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Elegance Returning To Midwest's Largest Resort

By Francine Silverman

The glory days of Indiana's two grandest resorts are definitely gone. When it opened in 1902, West Baden Springs Hotel was dubbed the Eighth Wonder of the World. Closed as a hotel in 1932 and unoccupied since 1983, the crumbling structure is undergoing a massive restoration, its fate unknown.

Tourists standing in the Pompeian Court under the massive glass-and-steel dome must think they're in a Greek ruin. "This is probably Indiana's number one architectural landmark and it's going to be saved," declared my tour guide, Kent Abraham.

That remains to be seen. The owner, Historic Landmarks Foundation, is seeking a new user for the property. Cook Group, a Bloomington, Indiana-based medical technology company, is spending about $14 million to renovate a third of the facility. This is less than half of the estimated $40 million needed to restore the hotel and its 708 rooms to prime condition.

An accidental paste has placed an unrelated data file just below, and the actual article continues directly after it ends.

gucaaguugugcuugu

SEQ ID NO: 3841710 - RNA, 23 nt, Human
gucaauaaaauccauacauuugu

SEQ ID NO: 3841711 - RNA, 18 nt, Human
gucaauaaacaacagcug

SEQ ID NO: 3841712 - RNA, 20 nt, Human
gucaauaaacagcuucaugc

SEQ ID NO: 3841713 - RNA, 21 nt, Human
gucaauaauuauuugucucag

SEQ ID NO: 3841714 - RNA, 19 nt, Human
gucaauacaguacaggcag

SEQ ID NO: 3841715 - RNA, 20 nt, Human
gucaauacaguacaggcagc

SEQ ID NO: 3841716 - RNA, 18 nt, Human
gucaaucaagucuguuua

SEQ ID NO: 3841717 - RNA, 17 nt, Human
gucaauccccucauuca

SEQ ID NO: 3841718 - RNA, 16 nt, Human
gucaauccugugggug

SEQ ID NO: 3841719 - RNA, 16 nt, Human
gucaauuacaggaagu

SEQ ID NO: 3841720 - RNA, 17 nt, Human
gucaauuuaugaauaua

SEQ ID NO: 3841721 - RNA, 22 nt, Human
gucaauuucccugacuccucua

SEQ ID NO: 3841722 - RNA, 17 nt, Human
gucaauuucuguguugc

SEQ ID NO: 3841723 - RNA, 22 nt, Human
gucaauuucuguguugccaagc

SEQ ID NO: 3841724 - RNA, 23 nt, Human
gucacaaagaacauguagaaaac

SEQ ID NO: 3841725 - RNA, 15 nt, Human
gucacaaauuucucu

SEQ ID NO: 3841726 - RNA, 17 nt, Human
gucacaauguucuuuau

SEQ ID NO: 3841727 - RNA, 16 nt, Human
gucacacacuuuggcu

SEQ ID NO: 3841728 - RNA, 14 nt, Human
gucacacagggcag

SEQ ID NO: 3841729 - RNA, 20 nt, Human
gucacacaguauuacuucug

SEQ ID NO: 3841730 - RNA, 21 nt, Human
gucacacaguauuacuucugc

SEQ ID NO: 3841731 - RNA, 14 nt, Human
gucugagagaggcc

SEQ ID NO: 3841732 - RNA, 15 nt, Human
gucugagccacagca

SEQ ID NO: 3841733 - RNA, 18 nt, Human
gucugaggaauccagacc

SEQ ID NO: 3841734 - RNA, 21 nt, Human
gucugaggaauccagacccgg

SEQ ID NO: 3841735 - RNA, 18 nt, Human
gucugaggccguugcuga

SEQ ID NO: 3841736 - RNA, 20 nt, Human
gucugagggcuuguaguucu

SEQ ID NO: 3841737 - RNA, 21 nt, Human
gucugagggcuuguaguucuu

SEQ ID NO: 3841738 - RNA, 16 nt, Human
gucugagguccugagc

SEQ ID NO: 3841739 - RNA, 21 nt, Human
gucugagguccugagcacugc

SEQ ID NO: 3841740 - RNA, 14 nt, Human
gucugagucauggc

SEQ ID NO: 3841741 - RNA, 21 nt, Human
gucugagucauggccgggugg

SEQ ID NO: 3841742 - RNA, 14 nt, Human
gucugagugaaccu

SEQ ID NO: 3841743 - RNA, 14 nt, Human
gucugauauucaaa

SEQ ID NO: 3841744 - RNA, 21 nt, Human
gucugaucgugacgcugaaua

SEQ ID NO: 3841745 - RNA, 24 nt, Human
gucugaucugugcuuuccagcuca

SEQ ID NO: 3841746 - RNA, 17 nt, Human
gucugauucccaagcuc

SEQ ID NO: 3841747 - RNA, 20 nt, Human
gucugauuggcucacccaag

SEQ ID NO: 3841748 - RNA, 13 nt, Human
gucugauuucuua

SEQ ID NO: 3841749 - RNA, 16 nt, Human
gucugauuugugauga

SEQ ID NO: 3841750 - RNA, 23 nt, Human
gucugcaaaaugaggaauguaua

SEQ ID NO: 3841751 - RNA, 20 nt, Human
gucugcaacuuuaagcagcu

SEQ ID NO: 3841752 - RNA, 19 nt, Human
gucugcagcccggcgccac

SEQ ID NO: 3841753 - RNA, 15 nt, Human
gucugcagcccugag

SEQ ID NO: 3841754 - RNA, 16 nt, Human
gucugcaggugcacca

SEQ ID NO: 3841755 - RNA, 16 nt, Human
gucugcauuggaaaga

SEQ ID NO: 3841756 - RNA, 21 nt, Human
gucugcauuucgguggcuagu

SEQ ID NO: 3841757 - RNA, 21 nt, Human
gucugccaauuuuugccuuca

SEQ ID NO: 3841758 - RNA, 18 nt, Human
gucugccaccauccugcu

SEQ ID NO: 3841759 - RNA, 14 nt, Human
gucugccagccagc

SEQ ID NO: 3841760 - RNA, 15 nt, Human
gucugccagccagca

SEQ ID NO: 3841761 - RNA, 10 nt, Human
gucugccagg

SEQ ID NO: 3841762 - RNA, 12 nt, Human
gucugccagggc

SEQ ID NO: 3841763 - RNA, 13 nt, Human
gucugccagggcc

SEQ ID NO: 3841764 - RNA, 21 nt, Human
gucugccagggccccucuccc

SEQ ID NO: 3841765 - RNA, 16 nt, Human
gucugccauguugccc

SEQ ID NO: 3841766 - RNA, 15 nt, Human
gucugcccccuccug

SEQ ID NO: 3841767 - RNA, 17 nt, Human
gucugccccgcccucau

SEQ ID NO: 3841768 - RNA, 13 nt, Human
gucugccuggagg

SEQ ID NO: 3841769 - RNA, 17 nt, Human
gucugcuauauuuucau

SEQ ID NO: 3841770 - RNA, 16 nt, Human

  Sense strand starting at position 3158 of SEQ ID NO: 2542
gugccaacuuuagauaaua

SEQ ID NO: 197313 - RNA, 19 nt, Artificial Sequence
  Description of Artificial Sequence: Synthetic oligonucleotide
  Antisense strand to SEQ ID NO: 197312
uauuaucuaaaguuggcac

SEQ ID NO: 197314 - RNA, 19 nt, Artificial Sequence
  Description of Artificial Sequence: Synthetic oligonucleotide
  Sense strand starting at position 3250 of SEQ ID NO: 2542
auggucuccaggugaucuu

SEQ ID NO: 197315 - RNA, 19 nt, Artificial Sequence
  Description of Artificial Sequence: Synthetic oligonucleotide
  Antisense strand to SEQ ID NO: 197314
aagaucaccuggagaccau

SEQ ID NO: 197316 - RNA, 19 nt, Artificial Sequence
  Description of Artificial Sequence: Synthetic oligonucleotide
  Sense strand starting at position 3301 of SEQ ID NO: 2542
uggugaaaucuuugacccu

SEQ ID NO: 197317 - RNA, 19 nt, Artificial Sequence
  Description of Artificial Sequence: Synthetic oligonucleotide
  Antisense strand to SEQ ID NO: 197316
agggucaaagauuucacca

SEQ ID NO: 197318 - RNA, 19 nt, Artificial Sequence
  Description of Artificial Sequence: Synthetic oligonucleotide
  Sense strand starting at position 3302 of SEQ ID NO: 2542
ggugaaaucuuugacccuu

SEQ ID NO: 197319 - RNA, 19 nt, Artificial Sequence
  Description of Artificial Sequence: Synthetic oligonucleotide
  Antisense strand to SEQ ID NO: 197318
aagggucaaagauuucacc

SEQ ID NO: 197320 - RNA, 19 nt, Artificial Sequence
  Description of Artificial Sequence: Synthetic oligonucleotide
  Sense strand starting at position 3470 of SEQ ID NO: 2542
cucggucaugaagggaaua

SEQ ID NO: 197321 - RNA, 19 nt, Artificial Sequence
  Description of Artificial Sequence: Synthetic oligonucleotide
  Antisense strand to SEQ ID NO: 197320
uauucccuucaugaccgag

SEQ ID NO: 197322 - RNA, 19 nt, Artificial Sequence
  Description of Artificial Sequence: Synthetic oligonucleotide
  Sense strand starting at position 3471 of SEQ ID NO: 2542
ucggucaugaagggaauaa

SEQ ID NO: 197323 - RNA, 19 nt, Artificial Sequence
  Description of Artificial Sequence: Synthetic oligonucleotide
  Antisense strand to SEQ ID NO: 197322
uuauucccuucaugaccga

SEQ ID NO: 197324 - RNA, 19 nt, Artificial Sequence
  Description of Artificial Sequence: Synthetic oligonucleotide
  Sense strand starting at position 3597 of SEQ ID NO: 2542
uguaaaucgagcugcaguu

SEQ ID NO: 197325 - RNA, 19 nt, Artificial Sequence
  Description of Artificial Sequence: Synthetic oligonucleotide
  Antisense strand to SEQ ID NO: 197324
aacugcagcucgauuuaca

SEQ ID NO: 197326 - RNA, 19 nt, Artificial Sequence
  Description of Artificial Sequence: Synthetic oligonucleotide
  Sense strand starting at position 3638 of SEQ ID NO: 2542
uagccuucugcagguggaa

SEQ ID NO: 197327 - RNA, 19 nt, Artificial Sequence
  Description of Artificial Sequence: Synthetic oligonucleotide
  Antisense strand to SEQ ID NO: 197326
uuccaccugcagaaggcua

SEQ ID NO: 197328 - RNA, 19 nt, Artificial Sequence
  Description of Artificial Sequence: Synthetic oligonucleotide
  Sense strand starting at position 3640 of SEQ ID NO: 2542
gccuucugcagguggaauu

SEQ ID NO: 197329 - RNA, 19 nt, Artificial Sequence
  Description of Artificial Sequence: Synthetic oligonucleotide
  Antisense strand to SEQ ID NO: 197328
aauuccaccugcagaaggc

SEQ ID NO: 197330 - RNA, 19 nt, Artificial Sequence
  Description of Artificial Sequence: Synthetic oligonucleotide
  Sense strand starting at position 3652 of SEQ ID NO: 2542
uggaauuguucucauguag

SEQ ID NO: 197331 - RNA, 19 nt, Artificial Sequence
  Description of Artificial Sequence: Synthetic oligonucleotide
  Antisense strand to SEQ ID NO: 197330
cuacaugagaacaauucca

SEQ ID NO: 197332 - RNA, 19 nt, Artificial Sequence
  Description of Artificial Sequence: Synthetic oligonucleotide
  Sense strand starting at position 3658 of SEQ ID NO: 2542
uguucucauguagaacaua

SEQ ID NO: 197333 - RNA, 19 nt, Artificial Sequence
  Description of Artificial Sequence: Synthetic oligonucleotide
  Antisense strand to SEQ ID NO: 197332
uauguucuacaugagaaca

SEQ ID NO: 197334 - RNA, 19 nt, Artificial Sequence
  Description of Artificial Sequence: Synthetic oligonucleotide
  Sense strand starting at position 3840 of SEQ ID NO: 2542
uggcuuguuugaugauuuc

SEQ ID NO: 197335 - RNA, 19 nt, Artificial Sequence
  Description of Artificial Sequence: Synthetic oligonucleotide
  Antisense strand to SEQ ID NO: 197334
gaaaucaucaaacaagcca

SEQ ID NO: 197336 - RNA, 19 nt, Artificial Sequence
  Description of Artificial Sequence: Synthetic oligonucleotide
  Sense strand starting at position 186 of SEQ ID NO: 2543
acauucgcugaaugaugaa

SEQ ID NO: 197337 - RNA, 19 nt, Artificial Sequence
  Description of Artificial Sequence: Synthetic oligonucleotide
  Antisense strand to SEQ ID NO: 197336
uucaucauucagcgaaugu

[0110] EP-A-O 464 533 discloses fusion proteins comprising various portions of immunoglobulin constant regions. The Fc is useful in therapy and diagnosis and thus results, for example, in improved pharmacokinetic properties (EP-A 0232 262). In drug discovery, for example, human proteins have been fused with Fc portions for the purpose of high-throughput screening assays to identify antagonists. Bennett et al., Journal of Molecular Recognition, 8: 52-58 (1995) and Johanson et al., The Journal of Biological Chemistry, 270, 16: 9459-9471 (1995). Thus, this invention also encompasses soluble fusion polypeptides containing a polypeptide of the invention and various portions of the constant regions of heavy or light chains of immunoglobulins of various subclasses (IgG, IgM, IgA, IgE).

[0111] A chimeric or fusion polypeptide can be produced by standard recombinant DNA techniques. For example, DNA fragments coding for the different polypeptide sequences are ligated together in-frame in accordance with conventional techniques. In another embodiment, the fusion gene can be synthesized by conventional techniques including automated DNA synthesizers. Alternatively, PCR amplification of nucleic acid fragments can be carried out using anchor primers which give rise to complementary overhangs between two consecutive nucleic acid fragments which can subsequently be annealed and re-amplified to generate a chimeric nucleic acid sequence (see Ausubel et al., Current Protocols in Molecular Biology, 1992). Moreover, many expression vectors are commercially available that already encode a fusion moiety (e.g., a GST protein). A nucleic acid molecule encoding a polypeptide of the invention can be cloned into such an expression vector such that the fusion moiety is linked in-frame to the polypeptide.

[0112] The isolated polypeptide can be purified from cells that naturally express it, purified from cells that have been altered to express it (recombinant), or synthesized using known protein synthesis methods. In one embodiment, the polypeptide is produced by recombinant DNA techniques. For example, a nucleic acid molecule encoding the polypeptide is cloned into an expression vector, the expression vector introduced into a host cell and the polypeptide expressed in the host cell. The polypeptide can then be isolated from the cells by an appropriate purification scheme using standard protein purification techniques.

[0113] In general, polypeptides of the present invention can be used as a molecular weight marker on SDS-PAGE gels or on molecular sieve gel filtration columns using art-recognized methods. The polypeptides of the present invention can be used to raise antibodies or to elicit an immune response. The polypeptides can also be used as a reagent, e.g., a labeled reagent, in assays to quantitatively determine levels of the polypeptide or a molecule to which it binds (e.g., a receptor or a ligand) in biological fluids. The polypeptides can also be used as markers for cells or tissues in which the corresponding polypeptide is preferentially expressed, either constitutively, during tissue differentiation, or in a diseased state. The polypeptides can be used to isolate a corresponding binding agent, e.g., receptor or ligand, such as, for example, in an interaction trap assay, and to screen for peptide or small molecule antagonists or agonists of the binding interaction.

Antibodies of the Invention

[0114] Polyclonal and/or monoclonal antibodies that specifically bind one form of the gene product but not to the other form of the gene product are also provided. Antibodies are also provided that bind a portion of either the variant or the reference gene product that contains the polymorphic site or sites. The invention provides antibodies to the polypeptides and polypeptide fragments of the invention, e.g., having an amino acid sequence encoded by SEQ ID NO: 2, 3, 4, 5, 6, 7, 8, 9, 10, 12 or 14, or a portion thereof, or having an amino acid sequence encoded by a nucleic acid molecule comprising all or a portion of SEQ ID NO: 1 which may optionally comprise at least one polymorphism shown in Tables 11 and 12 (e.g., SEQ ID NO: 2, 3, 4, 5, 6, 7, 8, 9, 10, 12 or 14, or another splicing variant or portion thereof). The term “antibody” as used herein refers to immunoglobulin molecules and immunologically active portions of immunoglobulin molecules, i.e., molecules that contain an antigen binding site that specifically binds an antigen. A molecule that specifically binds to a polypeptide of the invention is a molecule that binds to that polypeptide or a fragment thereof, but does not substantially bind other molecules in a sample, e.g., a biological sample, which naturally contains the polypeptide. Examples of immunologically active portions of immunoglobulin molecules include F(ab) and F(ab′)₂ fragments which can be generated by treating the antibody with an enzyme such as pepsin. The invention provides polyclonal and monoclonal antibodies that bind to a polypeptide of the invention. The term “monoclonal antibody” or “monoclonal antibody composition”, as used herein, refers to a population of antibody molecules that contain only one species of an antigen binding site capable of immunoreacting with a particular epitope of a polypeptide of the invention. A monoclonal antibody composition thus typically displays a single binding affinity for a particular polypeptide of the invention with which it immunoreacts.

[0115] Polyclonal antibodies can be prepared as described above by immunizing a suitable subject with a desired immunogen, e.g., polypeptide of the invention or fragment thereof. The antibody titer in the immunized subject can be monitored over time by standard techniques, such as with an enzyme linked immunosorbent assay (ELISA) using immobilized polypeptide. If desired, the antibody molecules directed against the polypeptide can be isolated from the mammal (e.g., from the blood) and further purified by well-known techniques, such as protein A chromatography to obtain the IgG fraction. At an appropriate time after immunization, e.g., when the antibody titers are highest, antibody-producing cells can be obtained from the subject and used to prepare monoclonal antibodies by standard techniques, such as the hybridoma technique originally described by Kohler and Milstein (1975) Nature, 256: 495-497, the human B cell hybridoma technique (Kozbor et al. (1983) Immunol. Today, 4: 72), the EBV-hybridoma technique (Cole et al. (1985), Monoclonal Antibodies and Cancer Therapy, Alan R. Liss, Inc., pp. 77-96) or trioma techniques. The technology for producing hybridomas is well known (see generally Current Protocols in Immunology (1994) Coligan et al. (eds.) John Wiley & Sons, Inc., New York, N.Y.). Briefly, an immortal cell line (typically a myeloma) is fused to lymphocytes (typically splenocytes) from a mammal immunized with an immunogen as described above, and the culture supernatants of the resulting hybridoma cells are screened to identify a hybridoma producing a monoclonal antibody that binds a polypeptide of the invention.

It's anyone's guess why French Lick Springs Resort, a mile away, survived the Depression and its chief rival did not.

After all, these two fashionable spas had much in common. Both had mineral springs, believed to cure everything from cancer to alcoholism to constipation. French Lick's "Pluto" water was bottled nationally as "America's Laxative," inspiring its motto, "When Nature Won't, Pluto Will."

These cold springs were mostly used for drinking - popularly called "dipping and sipping," although in 1920 a "Pluto Bath" was advertised, at 50 cents. Of the seven springs in the area, all but one were eventually capped over. The survivor is at French Lick, bubbling under a gazebo behind the hotel and smelling as foul as a hot spring. Paula Mills, the activities director, recalls: "As a child my father played in an orchestra here. I can remember Proserpine (spring), which was probably capped and covered with a brick patio sometime in the 1960s." She also recounts that "Paul Harvey used to spend a lot of time at French Lick" and that he discovered the mineral water contains lithium. This led to his "Rest of the Story," suggesting that health seekers were drugged into thinking they were cured.